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Isaiah Simmons can do it all for the Cardinals’ defense, no matter where he lines up

Sometimes a jack of all trades is a master of none. That’s not Isaiah Simmons, though.

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Clemson linebacker Isaiah Simmons with his arms outstretched in front of a black and white background.
Isaiah Simmons did it all for the Clemson defense.

Isaiah Simmons didn’t need a good performance at the 2020 NFL Combine or at his pro day to prove he’s an elite athlete. He really didn’t even have to show up.

In a year when so many prospects are navigating the challenges of being unable to work out for teams, Simmons doesn’t have the same problem. His athleticism was perfectly obvious to anyone watching him on the field in the fall. Now the Cardinals get the luxury of finding a way to use it after picking him eighth overall in the 2020 NFL Draft.

In his final season at Clemson, Simmons earned unanimous All-American honors and the Butkus Award, recognizing the nation’s top collegiate linebacker. But calling him a linebacker is oversimplifying his skillset.

Simmons played 738 snaps for the Clemson defense in 2019, according to Pro Football Focus. Of those snaps, 106 were on the defensive line, 239 came as a box linebacker, 256 as a slot cornerback, seven as a wide cornerback, and 130 as a deep safety. Simmons quite literally did it all.

So where does he fit in the Arizona defense? Anywhere and everywhere.

Versatility in the college ranks doesn’t automatically mean a player will do the same in the NFL. Jabrill Peppers played everything from running back to linebacker during his time at Michigan, but — with the exception of some kick and punt returns — he’s been used exclusively at safety during his time with the Browns and Giants.

There’s also a danger that a jack of all trades could be a master of none. That’s not Simmons, though.

Simmons could be one of the NFL’s fastest linebackers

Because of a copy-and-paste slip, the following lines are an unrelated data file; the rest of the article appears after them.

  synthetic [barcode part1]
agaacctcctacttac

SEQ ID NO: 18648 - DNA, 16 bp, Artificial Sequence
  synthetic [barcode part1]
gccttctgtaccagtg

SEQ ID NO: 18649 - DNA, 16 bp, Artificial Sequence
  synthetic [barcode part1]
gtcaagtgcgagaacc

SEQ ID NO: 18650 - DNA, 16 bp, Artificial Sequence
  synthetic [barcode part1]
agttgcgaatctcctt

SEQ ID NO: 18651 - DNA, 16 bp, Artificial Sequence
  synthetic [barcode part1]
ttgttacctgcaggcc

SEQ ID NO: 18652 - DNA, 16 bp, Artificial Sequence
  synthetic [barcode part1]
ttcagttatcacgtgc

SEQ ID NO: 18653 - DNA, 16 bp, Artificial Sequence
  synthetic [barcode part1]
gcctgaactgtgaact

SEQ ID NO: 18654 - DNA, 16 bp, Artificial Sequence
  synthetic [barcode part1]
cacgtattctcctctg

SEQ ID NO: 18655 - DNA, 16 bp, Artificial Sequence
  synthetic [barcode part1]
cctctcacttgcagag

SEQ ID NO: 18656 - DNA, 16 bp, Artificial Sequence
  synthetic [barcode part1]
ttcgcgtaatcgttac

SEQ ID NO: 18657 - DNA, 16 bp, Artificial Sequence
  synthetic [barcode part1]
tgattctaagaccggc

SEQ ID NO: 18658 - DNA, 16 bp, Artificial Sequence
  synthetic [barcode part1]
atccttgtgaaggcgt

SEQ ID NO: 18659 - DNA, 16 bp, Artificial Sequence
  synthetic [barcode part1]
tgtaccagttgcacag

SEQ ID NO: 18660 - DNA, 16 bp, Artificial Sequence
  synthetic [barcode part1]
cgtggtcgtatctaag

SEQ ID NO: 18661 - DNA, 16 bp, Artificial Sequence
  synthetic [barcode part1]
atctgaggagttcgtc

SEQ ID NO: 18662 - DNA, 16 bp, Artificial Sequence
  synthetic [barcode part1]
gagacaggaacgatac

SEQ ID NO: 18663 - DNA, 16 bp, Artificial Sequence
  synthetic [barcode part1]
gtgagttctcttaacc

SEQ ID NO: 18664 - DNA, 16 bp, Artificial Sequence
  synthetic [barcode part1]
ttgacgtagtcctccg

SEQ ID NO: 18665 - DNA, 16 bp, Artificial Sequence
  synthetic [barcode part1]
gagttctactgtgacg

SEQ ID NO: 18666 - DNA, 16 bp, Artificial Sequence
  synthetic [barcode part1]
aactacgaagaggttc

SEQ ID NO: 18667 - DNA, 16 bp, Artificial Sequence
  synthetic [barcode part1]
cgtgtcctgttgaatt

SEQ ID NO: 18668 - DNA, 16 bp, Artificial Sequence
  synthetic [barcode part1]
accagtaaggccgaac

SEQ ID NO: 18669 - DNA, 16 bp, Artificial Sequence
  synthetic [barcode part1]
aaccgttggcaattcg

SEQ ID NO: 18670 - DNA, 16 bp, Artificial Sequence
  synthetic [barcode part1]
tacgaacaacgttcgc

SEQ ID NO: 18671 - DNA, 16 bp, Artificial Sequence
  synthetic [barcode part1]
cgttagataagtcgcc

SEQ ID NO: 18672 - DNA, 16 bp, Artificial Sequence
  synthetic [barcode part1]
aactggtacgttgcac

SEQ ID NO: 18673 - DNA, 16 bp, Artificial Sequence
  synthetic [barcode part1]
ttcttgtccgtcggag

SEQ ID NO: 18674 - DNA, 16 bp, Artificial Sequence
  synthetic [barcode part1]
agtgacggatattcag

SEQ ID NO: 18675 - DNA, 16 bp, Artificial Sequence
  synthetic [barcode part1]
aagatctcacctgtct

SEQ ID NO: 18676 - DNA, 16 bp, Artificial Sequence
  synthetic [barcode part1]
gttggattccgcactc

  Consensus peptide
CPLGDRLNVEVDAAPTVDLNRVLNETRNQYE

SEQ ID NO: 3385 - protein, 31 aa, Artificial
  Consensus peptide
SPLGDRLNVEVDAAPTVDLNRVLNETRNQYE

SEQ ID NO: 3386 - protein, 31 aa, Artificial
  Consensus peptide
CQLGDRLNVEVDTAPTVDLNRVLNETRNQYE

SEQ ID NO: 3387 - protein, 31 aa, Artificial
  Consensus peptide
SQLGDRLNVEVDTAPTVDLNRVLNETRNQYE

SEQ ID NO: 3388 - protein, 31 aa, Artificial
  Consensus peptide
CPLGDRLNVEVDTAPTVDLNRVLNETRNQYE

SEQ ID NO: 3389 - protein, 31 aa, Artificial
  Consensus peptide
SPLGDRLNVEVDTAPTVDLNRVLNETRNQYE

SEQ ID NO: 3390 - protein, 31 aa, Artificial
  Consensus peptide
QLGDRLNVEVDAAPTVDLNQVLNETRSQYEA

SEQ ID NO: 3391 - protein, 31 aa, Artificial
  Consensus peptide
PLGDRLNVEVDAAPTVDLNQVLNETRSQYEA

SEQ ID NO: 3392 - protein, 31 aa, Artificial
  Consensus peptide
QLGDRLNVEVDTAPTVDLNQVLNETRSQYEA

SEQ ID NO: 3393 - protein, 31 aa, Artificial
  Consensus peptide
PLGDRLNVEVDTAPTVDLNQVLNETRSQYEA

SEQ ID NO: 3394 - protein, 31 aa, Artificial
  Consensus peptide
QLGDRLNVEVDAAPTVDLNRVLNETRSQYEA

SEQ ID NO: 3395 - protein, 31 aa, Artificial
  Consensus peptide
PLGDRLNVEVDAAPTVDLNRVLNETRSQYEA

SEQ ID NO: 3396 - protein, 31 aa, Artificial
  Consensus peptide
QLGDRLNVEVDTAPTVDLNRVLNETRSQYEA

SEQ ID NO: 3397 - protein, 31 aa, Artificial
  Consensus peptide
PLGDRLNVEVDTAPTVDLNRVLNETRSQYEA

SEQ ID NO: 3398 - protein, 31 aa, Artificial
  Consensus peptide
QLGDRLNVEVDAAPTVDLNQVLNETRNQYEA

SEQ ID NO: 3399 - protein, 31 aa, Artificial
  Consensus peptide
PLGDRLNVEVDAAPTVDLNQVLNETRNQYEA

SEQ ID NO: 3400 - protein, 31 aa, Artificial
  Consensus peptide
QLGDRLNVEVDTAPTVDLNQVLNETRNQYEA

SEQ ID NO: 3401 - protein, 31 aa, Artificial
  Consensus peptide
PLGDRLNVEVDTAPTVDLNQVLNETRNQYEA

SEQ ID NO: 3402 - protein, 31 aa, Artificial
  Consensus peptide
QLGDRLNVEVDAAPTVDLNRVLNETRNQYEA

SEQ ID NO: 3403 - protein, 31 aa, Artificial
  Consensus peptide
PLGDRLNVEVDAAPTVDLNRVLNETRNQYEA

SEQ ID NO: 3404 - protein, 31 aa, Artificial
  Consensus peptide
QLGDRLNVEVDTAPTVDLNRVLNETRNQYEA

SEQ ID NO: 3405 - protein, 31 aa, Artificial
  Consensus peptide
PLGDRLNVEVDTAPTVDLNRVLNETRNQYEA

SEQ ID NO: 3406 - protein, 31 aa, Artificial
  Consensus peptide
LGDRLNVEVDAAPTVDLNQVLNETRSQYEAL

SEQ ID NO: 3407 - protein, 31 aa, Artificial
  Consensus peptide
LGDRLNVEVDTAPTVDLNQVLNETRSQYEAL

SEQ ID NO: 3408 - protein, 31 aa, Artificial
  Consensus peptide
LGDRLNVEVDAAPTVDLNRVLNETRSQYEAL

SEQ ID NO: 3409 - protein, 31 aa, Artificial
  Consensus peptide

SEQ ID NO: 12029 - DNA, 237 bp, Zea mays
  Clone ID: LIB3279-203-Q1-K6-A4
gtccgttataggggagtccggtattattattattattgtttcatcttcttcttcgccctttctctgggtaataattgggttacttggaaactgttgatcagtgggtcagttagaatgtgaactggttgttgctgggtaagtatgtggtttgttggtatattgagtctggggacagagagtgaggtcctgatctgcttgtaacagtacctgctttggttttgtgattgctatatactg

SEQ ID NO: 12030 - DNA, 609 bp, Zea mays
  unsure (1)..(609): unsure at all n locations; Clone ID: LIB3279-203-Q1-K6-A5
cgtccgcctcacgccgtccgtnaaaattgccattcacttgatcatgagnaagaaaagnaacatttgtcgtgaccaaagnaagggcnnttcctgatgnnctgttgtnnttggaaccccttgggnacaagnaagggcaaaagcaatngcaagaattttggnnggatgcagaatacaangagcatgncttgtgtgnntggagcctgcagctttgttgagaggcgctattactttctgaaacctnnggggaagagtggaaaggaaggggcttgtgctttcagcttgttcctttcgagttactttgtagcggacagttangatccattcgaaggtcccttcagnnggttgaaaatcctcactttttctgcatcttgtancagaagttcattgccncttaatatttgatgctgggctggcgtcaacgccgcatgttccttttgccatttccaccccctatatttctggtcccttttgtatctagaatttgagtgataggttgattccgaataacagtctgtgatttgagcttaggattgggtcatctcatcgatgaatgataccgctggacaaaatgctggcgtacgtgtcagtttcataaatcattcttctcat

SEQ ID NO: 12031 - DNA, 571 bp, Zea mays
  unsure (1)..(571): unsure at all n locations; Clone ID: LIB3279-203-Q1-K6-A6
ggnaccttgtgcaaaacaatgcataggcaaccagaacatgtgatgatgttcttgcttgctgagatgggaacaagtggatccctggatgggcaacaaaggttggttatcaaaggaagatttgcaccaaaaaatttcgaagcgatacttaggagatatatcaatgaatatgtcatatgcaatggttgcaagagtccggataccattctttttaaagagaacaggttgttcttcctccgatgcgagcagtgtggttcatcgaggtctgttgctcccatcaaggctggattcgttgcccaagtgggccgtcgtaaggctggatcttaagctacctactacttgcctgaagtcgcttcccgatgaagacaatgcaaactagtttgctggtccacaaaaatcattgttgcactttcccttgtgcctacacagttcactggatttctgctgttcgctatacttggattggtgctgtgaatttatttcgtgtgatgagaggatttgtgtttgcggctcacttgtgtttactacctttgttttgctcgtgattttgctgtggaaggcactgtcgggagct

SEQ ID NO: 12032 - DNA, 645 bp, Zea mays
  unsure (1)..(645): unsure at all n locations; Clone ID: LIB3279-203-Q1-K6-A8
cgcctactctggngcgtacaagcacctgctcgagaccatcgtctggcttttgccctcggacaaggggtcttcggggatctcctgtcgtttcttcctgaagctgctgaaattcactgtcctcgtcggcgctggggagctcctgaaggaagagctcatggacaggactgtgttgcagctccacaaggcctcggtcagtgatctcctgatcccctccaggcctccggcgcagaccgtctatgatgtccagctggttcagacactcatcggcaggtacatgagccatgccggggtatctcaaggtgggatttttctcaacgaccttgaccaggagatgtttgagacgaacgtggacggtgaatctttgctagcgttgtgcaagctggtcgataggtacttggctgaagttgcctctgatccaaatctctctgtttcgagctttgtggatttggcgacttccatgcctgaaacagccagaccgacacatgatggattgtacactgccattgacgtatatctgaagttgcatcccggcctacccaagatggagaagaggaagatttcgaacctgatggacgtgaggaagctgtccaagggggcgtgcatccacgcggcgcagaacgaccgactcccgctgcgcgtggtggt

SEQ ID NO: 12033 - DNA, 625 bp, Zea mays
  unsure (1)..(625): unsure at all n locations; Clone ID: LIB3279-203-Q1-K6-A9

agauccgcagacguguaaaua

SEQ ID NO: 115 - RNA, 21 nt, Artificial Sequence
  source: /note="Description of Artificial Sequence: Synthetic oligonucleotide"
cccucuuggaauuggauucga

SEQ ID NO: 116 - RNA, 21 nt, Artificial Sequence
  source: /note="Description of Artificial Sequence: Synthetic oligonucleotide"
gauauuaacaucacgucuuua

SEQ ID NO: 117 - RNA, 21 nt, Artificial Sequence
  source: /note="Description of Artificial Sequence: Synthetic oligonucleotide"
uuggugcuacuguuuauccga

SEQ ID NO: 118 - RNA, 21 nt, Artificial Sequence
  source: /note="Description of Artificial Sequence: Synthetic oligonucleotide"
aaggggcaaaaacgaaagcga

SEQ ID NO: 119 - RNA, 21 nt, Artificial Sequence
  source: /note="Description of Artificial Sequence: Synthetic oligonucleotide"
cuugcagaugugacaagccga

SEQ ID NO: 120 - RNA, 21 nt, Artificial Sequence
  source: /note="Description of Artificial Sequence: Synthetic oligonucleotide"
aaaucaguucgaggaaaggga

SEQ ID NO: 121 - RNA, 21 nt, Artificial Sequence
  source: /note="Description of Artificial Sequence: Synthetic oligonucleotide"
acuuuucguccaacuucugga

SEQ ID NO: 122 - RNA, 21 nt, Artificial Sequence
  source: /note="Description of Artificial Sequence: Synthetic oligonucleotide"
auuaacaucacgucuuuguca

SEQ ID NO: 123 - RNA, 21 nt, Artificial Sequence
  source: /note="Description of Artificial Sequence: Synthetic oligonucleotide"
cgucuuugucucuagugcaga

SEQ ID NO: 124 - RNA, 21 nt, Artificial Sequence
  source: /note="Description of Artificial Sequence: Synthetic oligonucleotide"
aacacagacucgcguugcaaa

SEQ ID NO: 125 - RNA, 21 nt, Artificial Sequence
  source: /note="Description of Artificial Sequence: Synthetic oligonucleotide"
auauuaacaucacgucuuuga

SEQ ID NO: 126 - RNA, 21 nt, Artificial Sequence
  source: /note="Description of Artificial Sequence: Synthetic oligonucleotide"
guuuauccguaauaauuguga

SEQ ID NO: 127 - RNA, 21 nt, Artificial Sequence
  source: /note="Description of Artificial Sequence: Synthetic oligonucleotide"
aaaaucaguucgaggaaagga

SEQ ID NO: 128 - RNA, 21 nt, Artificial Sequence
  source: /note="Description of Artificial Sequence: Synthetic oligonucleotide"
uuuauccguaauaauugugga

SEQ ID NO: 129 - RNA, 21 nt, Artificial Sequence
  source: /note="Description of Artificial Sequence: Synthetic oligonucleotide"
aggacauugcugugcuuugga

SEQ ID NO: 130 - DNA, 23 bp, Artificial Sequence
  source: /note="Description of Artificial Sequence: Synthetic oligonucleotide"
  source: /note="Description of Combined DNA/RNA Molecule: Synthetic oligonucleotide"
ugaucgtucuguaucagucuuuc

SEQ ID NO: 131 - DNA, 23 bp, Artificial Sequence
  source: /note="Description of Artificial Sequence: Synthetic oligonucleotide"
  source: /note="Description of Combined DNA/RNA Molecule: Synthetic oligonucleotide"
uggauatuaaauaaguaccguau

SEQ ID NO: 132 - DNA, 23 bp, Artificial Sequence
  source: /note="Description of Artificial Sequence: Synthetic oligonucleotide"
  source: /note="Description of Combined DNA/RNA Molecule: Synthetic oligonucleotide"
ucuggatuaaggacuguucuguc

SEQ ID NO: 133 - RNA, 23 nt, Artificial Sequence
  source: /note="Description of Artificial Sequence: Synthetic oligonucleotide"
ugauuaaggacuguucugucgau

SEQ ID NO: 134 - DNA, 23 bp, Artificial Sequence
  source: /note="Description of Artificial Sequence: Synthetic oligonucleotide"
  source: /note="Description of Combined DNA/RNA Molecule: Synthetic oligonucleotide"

There are only two linebackers who have been officially credited with a 40-yard dash under 4.4 seconds at the combine: Simmons and Shaquem Griffin.

While Griffin is one of the NFL’s smaller linebackers at 6’0, 227 pounds, Simmons is closer to the league norm at 6’4, 238 pounds. Since 2011, the average linebacker at the NFL Combine has measured 6’2, 240 pounds.

Simmons is built like a linebacker — he’s just way, way faster than the rest of them. The average linebacker 40-yard dash time over the last decade is 4.71 seconds. Simmons torched that number by finishing in 4.39 seconds.

That run capped an otherworldly showing in Indianapolis for Simmons. His 39-inch vertical jump was third among linebackers and his 11-foot broad jump was second. Both of those leaps are above the 90th percentile for linebackers in the last decade.

Those numbers show that Simmons would be among the fastest and most explosive players to ever play linebacker at NFL, if that’s where he’s positioned. But they also show he has the requisite speed to be the same multifaceted player that he was at Clemson.

Simmons is fast enough to play defensive back too

Perhaps the closest comparison to Simmons’ combine performance came from Los Angeles Chargers safety Derwin James in 2018. After weighing in at 6’2, 215 pounds, James had a 4.47-second 40-yard dash, 40-inch vertical jump, and 11-foot broad jump.

James does a little bit of everything in the Chargers’ secondary. He earned All-Pro honors as a rookie after finishing with 3.5 sacks, three interceptions, 13 passes defended, and a team-leading 105 tackles. Now imagine him being even bigger and faster. That’s Simmons.

It almost feels hyperbolic to believe Simmons, a player listed at the combine as a linebacker, could play safety as well as James. And yet, the proof is on the tape. As a safety in the middle of the field (a particularly gigantic one, mind you), Simmons never looked out of place.

Simmons finished his final season with three interceptions (second-most on the team), 102 tackles (team high), and eight sacks (team high). Clemson had one of the top defenses in the nation, and no player was more important to that success than Simmons, who made plays at every level.

So where does Simmons play in an NFL defense?

The choice the Cardinals have is whether they want one of the NFL’s fastest ever linebackers or one of the NFL’s largest ever safeties. Neither decision would be wrong.

Linebacker seems to be the likelier option, though. Simmons will be close enough to the line of scrimmage to be disruptive in the backfield, like he did so many times in college.

But Simmons will also be tasked with shutting down tight ends and running backs in the pass game. That’s a job he knows he’s qualified for, uniquely so.

In Dan Kadar’s weekly mock drafts, Simmons bounced around the top 10 — even going as high as No. 3 overall to the Lions. Arizona can feel good about the value it got landing Simmons near the tail end of the top 10.

Arizona shouldn’t have much trouble finding a spot for Simmons. His game tape, athleticism, and stats all show he has what it takes to be a star anywhere on the field.